Much has happened over the past four months so now feels like a good time to take stock and see what we have achieved during this time, and how we have further developed as an ICS
This week (Friday, to be precise) marks four months since we made the public announcement that the Partnership had become an integrated care system (ICS).
The announcement on 4th May came at a time when health and social care colleagues in Humber, Coast and Vale were working around the clock to respond to Covid-19, so there was little time to celebrate this achievement.
So while the announcement was, and still is, a source of great pride for all concerned across the Partnership; back in May it was very much a case of, ‘this is fantastic news, but we’re very much focused on our collective response to Covid-19’.
At the time of our announcement I wrote in my blog that we would share stories to demonstrate how far we’ve come as an ICS throughout the year, to illustrate how we have enabled and supported more joined-up approaches to health and care which have made a real difference to the quality of peoples’ lives in Humber, Coast and Vale.
Much has happened over the past four months so now feels like a good time to take stock and see what we have achieved during this time, and how we have further developed as an ICS.
At the height of the Covid-19 pandemic, it became clear there were a large number of rapid changes and service improvements taking place to ensure our staff could continue to deliver quality health and care services safely.
Our partner organisations were asked to submit examples of how they have implemented changes and services improvements in response to the pandemic, so lessons could be learned and shared across our health and care system.
The response was brilliant, with more than 330 innovation examples received from across Humber, Coast and Vale. With the help of our Yorkshire & Humber Academic Health Science Network colleagues, an insight and evaluation report has been written and will be shared across the Partnership shortly – and it will form a key part of broader plans to rebuild and reset our health and care system between now and the end of the financial year (end of March 2021), and beyond.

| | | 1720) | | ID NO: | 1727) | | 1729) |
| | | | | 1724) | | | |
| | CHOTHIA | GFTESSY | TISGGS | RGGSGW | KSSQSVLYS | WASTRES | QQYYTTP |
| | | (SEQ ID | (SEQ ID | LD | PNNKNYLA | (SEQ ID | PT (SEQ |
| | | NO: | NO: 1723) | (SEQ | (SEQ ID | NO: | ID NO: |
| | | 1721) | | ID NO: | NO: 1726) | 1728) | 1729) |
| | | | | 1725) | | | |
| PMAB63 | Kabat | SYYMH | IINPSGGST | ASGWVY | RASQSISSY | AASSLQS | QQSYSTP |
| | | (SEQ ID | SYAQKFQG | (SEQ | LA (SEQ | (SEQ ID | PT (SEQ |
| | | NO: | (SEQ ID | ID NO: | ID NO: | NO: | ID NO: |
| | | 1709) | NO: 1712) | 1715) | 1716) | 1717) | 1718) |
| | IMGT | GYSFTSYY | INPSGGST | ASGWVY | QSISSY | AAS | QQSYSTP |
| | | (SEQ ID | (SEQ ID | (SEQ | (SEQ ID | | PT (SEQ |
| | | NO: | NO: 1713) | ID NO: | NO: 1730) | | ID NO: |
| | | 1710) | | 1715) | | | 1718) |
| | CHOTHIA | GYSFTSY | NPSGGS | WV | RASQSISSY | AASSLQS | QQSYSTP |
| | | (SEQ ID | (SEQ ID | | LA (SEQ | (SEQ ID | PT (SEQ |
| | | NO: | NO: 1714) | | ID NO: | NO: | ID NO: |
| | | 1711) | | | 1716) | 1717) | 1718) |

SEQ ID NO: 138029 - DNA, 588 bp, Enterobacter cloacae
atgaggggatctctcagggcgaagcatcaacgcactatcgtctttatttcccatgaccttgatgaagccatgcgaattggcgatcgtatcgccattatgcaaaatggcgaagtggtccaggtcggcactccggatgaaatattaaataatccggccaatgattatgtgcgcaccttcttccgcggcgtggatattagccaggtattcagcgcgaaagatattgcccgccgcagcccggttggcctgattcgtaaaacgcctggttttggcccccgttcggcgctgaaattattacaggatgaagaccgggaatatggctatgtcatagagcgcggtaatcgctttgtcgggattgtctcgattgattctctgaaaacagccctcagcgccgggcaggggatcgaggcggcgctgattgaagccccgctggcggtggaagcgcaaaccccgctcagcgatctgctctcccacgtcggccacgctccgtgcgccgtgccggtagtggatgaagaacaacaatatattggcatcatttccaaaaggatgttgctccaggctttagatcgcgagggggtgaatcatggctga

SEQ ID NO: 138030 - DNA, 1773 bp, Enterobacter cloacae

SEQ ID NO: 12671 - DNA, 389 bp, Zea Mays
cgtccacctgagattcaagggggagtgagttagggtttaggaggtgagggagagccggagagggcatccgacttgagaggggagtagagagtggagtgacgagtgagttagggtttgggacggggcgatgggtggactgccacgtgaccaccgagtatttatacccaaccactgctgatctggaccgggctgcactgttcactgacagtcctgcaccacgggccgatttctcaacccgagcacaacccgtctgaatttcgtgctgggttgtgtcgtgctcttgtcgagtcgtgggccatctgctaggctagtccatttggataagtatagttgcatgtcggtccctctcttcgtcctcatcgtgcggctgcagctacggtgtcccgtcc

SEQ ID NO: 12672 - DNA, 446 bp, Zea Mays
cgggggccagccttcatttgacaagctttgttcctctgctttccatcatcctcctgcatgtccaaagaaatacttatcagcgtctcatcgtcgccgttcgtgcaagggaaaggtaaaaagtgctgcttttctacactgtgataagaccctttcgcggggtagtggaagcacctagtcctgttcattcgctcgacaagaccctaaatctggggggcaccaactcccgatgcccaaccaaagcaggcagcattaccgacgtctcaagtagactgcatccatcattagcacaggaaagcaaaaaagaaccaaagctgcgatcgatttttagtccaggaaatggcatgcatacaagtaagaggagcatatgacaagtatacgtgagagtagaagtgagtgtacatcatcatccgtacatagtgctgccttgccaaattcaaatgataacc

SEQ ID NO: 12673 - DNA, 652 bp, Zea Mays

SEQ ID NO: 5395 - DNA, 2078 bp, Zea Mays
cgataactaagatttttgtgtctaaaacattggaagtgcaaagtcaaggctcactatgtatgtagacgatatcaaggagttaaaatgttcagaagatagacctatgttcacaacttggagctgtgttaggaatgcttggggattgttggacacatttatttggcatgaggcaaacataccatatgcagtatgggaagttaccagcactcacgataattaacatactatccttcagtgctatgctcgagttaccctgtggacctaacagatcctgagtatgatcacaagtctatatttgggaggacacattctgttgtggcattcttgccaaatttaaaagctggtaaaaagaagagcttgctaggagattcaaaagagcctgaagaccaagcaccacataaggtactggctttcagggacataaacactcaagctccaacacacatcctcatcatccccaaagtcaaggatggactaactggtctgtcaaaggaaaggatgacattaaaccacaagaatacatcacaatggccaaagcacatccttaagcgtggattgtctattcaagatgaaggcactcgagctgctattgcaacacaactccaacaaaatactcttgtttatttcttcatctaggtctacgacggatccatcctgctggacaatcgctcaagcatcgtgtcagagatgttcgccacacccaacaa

Many of these innovations are in our plans for the next phase of our system’s response to Covid-19 (phase three), which addresses how we restore services that were reduced, paused or changed due to the pandemic.
As we began to undertake this work, the scale of the challenge facing us as a system became clear – Covid-19 has widened health inequalities that existed in our communities and there are people in our communities who have avoided health and care services due to fear of Covid-19 who may have needs that have gone unmet.
Talking of inequality, I’m pleased to report that the Humber, Coast and Vale Black Lives Matter and BAME Steering Group met for the first time last week – inspired by the Black Lives Matter protests which have created a new level of consciousness around racial discrimination across the UK and the world.
The group has been set up to develop an anti-racism programme of work which will improve the levels of diversity and equality across the Partnership; and address health inequalities among our BAME communities within the Humber, Coast and Vale geography.
The group is led by Steve Russell, Chief Executive, Harrogate and District NHS Foundation Trust, who has kindly volunteered to author one of Partnership’s upcoming blogs to provide an oversight of the group’s aims and ambitions so watch this space.
With one of the biggest challenges facing us as a Partnership being how we manage the growing lists of patients waiting for access to treatment and care, we are working together to ensure that clinical need will always be the determining factor when prioritising patients for treatment as more NHS services resume.
To support and enable this, the newly established Humber, Coast and Vale Clinical and Professional Group has developed a set of core principles and put in place a series of actions to ensure organisations and all programmes of work across the Partnership are taking a consistent approach to prioritisation and validation of patients.
By working together across sectors, geographies and organisations, we can ensure the needs of our patients remain at the heart of all decisions as we continue to respond to the unprecedented events that have unfolded this year.
There’s no doubt that the next six months are going to be every bit as challenging as the previous six, but we should all be encouraged by the fact that we’re all in this together and, as demonstrated throughout the pandemic, no challenge is insurmountable when we face it together.